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Karajan: The Complete EMI Recordings 1946-1984 (160 CD box set, APE)

Karajan: The Complete EMI Recordings 1946-1984, Vol. 1: Orchestral (88CD boxset, APE)

Karajan: The Complete EMI Recordings 1946-1984, Vol. 1: Orchestral (88CD boxset, APE)

Performer: Hans Hotter, Otto Edelmann, Cecil James, Gunter Piesk, Manfred Braun
Composer: Mily Balakirev, Bela Bartok, Ludwig van Beethoven, Hector Berlioz, Georges Bizet
Audio CD
Number of Discs: 88 CD box set, Enhanced
Format: APE (image+cue)
Label: EMI Classics
Size: 22.1 GB
Recovery: +3%
Scan: yes

Karajan: The Complete EMI Recordings 1946-1984, Vol. 2: Opera & Vocal, (72CD boxset, APE)

Karajan: The Complete EMI Recordings 1946-1984, Vol. 2: Opera & Vocal, (72CD boxset, APE)

Performer: Erich Kunz, Boris Christoff, Hans Hotter, Heinz Rehfuss, José van Dam
Composer: Johann Sebastian Bach, Ludwig van Beethoven, Johannes Brahms, Claude Debussy, Gaetano Donizetti
Audio CD
Number of Discs: 72 CD box set
Format: APE (image+cue)
Label: EMI Classics
Size: 15.8 GB
Recovery: +3%
Scan: yes

Volume 1 tracklist

Volume 2 tracklist

A closer look into a great big box of music

I have listened to most of the CDs. The sound is excellent on almost all CDs, and very good on most others, although that is in part because I am not bothered by older mono recordings unless there is distracting noise. The performances are all very good, and many are outstanding.

With some oversimplification, there are basically three periods of Karajan EMI recordings:
– post-war 1940s with the Vienna Philharmonic (WP)
– 1950s with EMI’s own Philharmonia Orchestra (PO – before it broke with EMI much later)
– a few earlier recordings, but mainly 1970s to 1981 with the Berlin Philharmonic (BPO)

There are a small number of recordings that don’t fit into this scheme, like some Ravel pieces with the Paris Symphony Orchestra.

Some of the highlights in terms of the contents:
– Karajan’s first recorded Beethoven cycle, with the PO from the 1950s
– A complete set of Beethoven’s piano concertos from the 1970s with Alexis Weissenberg and the BPO
– An excellent complete Schubert cycle from 1975-77 with the BPO
– All Sibelius symphonies except No. 3 — there is quite a bit of overlap here between the PO and the BPO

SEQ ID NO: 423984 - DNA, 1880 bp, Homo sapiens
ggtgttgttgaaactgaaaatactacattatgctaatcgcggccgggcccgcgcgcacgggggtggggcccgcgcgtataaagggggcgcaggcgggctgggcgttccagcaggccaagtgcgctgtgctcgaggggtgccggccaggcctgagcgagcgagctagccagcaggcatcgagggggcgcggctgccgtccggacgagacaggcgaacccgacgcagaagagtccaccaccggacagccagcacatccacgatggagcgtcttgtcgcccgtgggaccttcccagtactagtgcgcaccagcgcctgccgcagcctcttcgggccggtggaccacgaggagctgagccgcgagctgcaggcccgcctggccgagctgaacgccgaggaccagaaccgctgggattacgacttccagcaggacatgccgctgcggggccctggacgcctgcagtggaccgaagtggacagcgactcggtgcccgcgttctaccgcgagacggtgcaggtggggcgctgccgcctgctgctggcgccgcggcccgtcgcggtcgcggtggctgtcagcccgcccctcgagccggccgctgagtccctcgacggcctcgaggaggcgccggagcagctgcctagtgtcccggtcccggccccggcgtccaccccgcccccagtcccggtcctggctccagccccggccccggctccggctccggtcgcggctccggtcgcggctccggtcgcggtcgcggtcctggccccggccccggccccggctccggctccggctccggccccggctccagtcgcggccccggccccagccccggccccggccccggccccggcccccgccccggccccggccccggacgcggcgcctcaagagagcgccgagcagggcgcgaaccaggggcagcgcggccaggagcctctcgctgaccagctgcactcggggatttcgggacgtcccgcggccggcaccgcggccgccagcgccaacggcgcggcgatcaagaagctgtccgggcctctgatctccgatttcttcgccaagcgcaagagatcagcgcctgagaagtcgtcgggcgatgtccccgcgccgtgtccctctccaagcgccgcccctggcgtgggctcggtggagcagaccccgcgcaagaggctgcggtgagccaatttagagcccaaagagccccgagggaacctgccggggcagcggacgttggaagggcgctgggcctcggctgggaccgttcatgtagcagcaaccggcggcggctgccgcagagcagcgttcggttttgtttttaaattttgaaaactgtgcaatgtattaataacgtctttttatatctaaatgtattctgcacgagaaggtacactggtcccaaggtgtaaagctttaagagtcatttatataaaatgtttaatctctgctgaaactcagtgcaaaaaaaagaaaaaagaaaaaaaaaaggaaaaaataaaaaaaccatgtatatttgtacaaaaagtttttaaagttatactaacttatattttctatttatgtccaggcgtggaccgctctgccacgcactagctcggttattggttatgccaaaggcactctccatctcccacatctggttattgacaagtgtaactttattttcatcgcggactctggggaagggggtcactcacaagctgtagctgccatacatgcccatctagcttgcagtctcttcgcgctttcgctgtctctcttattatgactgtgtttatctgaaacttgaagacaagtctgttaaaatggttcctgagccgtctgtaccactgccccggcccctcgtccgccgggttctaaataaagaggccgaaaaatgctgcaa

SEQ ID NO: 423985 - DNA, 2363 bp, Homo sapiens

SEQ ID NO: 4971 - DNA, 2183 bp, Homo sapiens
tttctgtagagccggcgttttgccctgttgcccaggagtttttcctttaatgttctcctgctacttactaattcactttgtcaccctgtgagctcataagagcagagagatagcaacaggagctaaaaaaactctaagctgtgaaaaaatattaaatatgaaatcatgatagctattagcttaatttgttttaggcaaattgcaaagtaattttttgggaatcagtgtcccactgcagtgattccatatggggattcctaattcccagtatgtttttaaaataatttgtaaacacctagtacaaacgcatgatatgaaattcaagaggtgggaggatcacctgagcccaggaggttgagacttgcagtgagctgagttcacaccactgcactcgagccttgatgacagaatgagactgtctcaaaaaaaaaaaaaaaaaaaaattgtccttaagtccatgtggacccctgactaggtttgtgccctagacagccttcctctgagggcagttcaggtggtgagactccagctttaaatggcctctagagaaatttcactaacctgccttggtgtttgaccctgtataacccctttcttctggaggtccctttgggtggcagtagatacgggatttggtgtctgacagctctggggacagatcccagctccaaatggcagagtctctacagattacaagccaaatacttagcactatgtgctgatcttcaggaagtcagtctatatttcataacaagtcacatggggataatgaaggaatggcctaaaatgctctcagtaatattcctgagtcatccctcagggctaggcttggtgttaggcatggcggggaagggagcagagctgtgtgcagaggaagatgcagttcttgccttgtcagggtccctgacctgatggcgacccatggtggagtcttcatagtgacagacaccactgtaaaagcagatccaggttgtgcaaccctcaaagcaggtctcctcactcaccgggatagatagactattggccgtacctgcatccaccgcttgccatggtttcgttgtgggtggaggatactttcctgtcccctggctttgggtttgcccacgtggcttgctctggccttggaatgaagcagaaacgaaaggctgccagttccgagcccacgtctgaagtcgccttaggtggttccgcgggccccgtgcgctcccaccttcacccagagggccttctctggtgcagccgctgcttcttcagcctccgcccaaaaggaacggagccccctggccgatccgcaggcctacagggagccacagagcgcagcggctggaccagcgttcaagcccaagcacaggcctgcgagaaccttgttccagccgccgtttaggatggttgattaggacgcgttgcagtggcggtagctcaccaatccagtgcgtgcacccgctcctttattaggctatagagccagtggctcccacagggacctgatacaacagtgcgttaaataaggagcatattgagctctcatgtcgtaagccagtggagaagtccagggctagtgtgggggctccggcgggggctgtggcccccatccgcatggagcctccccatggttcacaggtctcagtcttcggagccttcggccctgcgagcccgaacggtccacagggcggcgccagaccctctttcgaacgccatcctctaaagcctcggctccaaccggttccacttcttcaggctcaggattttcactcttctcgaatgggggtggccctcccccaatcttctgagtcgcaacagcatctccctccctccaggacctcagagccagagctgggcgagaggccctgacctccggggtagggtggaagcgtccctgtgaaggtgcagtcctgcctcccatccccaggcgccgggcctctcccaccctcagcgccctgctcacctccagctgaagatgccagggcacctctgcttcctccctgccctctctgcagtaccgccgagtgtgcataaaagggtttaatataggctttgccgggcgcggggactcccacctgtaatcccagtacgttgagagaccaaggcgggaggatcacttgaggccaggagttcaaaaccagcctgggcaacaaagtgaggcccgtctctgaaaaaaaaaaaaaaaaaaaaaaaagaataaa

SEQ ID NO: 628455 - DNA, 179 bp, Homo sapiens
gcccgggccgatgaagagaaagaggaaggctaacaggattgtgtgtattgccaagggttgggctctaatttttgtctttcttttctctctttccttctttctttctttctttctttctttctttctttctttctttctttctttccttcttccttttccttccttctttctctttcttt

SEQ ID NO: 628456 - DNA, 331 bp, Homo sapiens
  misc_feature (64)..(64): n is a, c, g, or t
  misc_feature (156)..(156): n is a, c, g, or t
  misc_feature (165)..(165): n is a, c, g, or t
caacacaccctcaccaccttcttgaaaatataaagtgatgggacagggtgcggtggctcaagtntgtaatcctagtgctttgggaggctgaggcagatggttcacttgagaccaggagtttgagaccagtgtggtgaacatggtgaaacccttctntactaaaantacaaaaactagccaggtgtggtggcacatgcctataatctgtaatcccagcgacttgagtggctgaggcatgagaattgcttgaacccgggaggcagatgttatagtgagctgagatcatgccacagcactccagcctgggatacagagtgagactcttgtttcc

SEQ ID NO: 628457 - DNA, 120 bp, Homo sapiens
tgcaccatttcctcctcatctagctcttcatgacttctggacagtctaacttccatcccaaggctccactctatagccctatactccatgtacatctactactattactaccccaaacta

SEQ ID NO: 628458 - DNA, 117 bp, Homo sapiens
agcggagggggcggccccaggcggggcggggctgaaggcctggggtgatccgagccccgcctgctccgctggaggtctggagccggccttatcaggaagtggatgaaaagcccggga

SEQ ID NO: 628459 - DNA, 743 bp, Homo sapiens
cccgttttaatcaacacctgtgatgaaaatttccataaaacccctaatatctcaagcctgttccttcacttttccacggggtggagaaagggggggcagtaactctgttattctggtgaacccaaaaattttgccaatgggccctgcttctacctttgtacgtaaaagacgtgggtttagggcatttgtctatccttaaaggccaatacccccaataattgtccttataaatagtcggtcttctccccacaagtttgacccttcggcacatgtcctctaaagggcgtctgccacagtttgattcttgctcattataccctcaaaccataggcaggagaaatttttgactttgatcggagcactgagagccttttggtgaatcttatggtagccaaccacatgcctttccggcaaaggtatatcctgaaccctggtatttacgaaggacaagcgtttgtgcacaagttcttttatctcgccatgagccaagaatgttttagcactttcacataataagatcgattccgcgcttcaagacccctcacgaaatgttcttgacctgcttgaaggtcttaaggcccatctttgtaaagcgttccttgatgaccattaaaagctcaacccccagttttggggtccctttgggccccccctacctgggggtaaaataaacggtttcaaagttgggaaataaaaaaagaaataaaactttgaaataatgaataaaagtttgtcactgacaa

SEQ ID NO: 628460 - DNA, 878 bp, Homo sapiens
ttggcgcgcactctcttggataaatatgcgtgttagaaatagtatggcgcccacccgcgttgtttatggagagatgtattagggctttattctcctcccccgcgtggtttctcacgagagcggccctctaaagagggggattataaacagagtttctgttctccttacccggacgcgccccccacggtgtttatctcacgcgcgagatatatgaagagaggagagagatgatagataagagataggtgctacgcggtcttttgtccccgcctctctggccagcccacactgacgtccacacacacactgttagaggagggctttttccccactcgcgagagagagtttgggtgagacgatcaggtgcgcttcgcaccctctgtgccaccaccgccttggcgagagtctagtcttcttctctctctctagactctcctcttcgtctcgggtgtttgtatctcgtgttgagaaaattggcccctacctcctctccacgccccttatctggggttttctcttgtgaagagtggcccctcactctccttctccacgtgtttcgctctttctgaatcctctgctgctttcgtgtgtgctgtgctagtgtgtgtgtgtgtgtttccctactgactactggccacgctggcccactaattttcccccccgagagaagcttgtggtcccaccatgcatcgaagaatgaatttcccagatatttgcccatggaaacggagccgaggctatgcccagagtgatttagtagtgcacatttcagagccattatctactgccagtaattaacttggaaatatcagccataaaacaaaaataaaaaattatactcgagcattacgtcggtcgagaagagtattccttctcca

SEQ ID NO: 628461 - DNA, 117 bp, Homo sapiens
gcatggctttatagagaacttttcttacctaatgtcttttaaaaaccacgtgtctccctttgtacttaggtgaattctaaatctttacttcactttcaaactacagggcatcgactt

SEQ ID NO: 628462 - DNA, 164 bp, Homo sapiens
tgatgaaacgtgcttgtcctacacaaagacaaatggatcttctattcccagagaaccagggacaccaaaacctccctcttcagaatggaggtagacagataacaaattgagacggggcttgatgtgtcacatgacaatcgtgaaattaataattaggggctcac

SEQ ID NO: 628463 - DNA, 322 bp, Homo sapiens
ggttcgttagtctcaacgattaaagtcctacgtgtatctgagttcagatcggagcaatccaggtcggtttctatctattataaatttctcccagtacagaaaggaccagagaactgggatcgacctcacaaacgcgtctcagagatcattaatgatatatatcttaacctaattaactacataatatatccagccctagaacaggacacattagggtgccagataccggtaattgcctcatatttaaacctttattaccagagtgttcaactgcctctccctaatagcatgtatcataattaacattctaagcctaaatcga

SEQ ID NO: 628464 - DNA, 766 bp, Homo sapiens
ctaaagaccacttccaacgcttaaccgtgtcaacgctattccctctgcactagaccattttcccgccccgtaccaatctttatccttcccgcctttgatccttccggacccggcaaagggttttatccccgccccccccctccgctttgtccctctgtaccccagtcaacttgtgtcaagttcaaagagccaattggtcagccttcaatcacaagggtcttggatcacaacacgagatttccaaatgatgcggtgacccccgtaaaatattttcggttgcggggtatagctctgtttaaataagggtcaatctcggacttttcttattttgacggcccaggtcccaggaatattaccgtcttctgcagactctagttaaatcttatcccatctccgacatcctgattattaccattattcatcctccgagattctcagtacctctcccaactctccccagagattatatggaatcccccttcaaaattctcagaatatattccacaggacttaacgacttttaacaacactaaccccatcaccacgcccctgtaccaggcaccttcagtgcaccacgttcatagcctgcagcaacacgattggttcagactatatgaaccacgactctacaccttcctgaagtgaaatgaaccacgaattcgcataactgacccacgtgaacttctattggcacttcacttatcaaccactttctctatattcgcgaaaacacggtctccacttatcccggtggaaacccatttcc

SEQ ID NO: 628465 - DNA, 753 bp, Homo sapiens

– All Brahms symphonies (PO) except number 3
– A large array of Mozart works (Symphonies 29, 33, 35, 36, 39-41; horn concertos 1-4, Simphonia Concertante and many more)
– The historic Beethoven Triple Concerto with Oistrakh, Rostropovich and Richter
– Tchaikovsky’s last three symphonies (two versions each)
– Dvorak’s 8th and 9th (New World), plus Slavonic Dances
– Three Bruckner symphonies (4, 7 and 8), all BPO
– Haydn symphonies 83, 101 and 104
– Schumann symphony 4
– A good selection of overtures from Beethoven, Wagner, Rossini and others
– A large set of tone poems and other programmatic orchestral music (Richard Strauss — sorry, no Zarathustra — Sibelius, Debussy, Ravel, Bizet, Mussorgsky, Resphigi, Franck and others)
– Prokofiev’s Peter and the Wolf with Peter Ustinov narrating
– A smattering of “moderns”, including Stravinsky’s “Jeu de Cartes”, Vaughan Williams’ Tallis Fantasia, Britten, Hindemith’s “Mathis der Maler”

Of course this is an incomplete list, but I hope it gives an indication.

If the set is underweighted in any type of music, it might be violin-focused works. Of the standard repertoire violin concertos, only Brahms is present. The Meditation from Thaïs is present as another violin showpiece

The piano fairs better, with the Beethoven set, Tchaikovsky 1, Brahms 2, Rachmaninoff 2, Schumann, Grieg, and two Leimer concertos (including the very interesting concerto for the left hand).

Overall, there is considerable “duplication” in terms of getting the same work multiple times with different orchestras. Most works are included only once, but many are included twice. The repetition gets more pronounced with three versions each of the following pieces:
– Mozart: Symphony 39, the clarinet concerto and “Eine Kleine Nachtmusik”
– Sibelius: Symphony 5
– Tchaikovsky: Symphonies 4 and 6 (Pathetique)
– Strauss II: Several waltzes and polkas (4 versions of “Tritsch-Tratsch Polka” is probably the single most superfluous thing about the set)
– Chabrier: Espana Rhapsody (also 4 versions!)

If you want to know more about individual recordings, here’s a tip: do a search for “Karajan EMI” in the Amazon search engine. The reviews of EMI CDs conducted by Karajan will hopefully tell you all you need to know about the individual recordings. If it’s ever been available by Karajan on EMI, it will either be in this set or in the companion set Karajan 100th – Volume 2, Opera and Vocals.

I bought this set at a time when I was starting to rebuild a classical CD collection after years of neglect and other interests. I would recommend it absolutely for anyone building their classical collection from scratch or almost scratch, although obviously if you have most of Karajan’s best EMI recordings you might well not need this at all. If you don’t have any Karajan EMI recordings — I didn’t — this is a tremendous bargain and a big jump start to a nice collection of music.

41 thoughts on “Karajan: The Complete EMI Recordings 1946-1984 (160 CD box set, APE)”

  1. It would take a whole book to say thank you for this. Yesterday on BBC4 they broadcast an interesting program on Karajan and there are so many things one ought to discover…
    Bless you!

  2. Whatever, I’ve no words. Your huge contribution to our musical pleasure I think does not equal in Internet. So, thank you very much, thank you, forever.

  3. Hi. Why all the recordings are in mono ?
    I am listening in Mac, and all the ape players in Mac play
    all the EMI-Karajan ape files in mono, not in stereo.
    Others files are OK. Did Karajan record only in mono with
    EMI ?

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